Early parliamentary elections will not provide the desired transition during this stage. Elections are based on distributing seats between majority and minority, but within the same system that we have been living under for decades. The focus of a real opposition must be on transitioning from this form of power to another – one based on a civil state that is potent and just. It is necessary to highlight that any form of elections reinforces the legitimacy of the political system and is only a way to modify those responsible within that system. Elections become meaningful when the legitimacy of the state is firmly established – when political parties make real choices in procedural sectoral, social, and economic policies, and voters react to these policies according to their self-interests. Elections under the current sectarian system, on the other hand, are fruitless because they are nothing more than measures of leaders’ popularity within a sect and across sects. As such, elections are void of any true public politics and are simply assemblies of identities and fear-mongering, as are the governments themselves (so called “national unity” governments). In fact, the authorities do not hold elections until they are certain of their outcome.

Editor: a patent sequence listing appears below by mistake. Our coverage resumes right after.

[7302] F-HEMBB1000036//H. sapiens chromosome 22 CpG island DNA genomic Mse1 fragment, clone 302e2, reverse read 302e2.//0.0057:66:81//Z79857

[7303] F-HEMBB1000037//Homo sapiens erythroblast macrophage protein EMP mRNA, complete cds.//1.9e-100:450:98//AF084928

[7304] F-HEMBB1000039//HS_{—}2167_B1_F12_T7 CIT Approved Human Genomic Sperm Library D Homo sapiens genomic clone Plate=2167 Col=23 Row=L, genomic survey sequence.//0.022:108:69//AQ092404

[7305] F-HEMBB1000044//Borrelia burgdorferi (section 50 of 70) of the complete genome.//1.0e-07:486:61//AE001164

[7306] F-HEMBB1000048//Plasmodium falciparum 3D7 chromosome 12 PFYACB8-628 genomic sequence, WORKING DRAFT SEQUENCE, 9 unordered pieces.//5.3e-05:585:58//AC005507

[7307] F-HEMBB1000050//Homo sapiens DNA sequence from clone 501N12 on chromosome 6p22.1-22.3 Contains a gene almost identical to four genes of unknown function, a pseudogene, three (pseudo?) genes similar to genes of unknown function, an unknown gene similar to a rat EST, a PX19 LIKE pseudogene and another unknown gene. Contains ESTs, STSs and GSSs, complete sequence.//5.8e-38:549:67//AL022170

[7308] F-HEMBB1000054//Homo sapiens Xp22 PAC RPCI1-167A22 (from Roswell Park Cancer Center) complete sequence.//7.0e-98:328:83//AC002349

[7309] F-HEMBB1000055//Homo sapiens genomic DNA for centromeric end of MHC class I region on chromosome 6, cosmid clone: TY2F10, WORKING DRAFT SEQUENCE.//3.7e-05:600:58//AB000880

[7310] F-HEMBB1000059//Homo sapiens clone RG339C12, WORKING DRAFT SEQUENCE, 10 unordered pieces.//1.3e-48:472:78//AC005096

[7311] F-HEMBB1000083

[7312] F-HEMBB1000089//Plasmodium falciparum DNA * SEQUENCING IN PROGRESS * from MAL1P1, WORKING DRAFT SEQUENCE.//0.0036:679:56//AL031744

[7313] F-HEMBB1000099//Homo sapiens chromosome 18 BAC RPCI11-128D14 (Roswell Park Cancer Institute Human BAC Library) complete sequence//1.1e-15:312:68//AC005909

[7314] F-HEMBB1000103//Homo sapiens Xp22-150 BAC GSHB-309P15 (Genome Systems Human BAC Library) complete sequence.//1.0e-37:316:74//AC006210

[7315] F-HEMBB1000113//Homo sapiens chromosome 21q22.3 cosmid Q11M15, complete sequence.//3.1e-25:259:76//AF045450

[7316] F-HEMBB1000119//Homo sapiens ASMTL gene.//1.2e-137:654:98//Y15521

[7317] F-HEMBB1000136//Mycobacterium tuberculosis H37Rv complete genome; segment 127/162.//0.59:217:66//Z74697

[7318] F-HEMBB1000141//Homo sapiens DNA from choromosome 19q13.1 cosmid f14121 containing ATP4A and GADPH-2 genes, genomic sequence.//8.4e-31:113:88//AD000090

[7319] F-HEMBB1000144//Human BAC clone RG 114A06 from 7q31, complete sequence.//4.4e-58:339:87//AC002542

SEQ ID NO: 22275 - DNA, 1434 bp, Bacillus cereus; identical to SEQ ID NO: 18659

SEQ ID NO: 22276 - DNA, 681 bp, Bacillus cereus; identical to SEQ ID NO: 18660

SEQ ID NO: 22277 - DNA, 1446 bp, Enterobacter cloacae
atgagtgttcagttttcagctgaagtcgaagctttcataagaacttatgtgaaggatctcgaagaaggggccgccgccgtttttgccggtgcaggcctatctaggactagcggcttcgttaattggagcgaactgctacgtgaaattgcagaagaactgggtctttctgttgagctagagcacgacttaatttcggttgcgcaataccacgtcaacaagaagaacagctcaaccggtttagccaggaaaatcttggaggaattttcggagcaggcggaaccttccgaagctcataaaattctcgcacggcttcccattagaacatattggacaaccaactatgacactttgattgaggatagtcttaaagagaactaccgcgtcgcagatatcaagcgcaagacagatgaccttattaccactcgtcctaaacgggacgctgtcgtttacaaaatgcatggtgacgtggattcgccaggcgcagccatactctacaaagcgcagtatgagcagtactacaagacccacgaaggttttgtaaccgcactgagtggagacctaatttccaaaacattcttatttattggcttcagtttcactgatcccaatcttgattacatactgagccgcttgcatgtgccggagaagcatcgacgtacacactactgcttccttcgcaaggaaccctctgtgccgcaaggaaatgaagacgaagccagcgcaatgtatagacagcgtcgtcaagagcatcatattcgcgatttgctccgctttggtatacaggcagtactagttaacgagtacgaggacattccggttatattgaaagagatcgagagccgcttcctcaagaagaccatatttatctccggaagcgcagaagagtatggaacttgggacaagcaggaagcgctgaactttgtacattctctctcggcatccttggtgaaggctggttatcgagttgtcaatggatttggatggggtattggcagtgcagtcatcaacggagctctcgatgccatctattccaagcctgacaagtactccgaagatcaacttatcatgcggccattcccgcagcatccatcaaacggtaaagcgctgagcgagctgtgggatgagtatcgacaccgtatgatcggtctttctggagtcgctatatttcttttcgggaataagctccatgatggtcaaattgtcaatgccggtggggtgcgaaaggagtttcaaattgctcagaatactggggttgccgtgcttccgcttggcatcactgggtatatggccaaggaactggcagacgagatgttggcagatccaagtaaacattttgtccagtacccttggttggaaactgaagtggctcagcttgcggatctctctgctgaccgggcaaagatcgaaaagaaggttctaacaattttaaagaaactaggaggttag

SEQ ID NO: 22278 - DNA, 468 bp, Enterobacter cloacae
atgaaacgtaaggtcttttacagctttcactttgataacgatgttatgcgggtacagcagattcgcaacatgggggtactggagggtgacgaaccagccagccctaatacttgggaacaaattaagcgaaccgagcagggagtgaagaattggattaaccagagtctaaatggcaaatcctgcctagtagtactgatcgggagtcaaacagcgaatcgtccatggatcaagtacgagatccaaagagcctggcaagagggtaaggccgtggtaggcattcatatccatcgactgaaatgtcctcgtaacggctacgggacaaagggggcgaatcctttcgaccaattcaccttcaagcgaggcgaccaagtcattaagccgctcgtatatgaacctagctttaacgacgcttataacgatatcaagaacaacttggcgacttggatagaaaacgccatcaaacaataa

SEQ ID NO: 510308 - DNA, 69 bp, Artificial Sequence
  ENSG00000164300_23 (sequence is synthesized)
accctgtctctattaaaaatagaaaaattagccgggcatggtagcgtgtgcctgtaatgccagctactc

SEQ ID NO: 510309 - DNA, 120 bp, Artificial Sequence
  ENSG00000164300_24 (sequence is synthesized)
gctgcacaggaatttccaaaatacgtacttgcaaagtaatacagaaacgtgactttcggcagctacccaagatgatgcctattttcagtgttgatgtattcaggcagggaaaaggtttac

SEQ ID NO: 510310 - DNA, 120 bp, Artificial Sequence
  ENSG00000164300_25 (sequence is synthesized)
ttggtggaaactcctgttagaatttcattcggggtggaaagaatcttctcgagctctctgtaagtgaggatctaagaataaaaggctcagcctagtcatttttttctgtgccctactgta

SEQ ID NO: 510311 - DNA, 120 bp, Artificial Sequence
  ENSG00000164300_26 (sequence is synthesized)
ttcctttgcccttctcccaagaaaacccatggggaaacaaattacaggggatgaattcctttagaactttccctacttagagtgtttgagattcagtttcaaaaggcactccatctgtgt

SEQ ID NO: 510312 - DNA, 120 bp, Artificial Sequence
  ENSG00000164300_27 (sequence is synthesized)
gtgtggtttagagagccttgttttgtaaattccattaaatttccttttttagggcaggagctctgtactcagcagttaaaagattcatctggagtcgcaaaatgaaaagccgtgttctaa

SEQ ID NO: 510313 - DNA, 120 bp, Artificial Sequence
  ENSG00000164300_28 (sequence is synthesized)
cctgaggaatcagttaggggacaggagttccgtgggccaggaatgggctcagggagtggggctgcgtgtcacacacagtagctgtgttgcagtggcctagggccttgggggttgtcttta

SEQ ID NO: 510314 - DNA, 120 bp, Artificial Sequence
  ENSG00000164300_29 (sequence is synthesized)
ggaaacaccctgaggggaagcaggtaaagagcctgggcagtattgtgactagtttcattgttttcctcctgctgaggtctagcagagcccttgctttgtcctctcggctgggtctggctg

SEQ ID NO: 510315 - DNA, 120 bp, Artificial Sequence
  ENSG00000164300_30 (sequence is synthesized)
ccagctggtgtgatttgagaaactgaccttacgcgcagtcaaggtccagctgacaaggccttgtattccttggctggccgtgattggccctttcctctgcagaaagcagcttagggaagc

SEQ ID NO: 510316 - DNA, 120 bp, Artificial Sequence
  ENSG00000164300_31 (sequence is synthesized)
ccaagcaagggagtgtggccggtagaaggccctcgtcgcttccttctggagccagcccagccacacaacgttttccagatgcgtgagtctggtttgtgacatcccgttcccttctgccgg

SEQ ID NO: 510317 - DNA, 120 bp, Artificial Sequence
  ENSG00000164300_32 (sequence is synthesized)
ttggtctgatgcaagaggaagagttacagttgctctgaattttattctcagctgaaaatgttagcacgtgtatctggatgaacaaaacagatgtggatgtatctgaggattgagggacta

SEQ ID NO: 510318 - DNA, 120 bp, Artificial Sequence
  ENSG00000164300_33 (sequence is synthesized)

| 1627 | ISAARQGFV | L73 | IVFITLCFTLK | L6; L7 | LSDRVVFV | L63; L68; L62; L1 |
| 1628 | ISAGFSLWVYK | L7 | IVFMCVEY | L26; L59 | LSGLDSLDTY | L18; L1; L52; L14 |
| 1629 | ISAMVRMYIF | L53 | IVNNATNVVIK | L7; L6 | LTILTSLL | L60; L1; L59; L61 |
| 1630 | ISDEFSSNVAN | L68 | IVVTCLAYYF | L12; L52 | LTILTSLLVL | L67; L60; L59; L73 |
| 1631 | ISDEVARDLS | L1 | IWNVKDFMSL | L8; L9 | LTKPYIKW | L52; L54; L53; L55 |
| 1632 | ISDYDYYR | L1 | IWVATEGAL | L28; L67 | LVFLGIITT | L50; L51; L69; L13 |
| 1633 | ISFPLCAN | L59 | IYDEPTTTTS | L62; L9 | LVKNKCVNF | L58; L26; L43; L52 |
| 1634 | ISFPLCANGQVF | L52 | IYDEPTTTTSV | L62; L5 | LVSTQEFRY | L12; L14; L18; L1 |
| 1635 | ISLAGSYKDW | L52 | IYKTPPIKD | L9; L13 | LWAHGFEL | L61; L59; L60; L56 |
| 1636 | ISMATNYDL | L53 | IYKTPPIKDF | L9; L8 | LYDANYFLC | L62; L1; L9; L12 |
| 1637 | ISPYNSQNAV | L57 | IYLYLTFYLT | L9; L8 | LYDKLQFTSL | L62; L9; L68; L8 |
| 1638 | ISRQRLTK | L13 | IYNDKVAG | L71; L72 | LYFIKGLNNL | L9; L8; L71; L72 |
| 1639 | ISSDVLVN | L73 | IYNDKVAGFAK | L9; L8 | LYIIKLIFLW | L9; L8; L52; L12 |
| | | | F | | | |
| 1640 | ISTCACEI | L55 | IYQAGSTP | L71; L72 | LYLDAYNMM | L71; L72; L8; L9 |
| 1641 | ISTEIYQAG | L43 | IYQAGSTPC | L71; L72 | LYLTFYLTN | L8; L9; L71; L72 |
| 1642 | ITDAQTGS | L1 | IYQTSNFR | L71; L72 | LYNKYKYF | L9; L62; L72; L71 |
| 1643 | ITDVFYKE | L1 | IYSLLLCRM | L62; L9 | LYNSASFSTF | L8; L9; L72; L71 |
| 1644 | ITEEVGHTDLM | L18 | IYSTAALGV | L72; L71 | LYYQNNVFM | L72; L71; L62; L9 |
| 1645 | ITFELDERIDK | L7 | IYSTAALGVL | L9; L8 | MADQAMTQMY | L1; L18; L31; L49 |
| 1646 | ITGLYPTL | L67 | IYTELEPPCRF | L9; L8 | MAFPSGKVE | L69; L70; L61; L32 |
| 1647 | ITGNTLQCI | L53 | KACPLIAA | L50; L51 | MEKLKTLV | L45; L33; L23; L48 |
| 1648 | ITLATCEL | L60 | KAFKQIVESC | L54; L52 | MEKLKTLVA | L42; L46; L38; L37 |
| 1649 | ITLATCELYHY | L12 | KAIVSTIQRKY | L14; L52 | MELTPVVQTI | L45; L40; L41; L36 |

Participating in elections, however, can be justified when it is to publicly endorse a clear alternative political project developed by a specific, political alliance. Thus, elections would demonstrate the support for that clear project. This avenue, however, requires time to bear fruit, and in the face of the current crisis, we do not have the luxury of time. More importantly, this avenue calls for clarity in political discourse while the majority of those that claim to be part of the opposition are not yet ready for it, either because they shirk their responsibilities or because they have ambitions for certain political positions.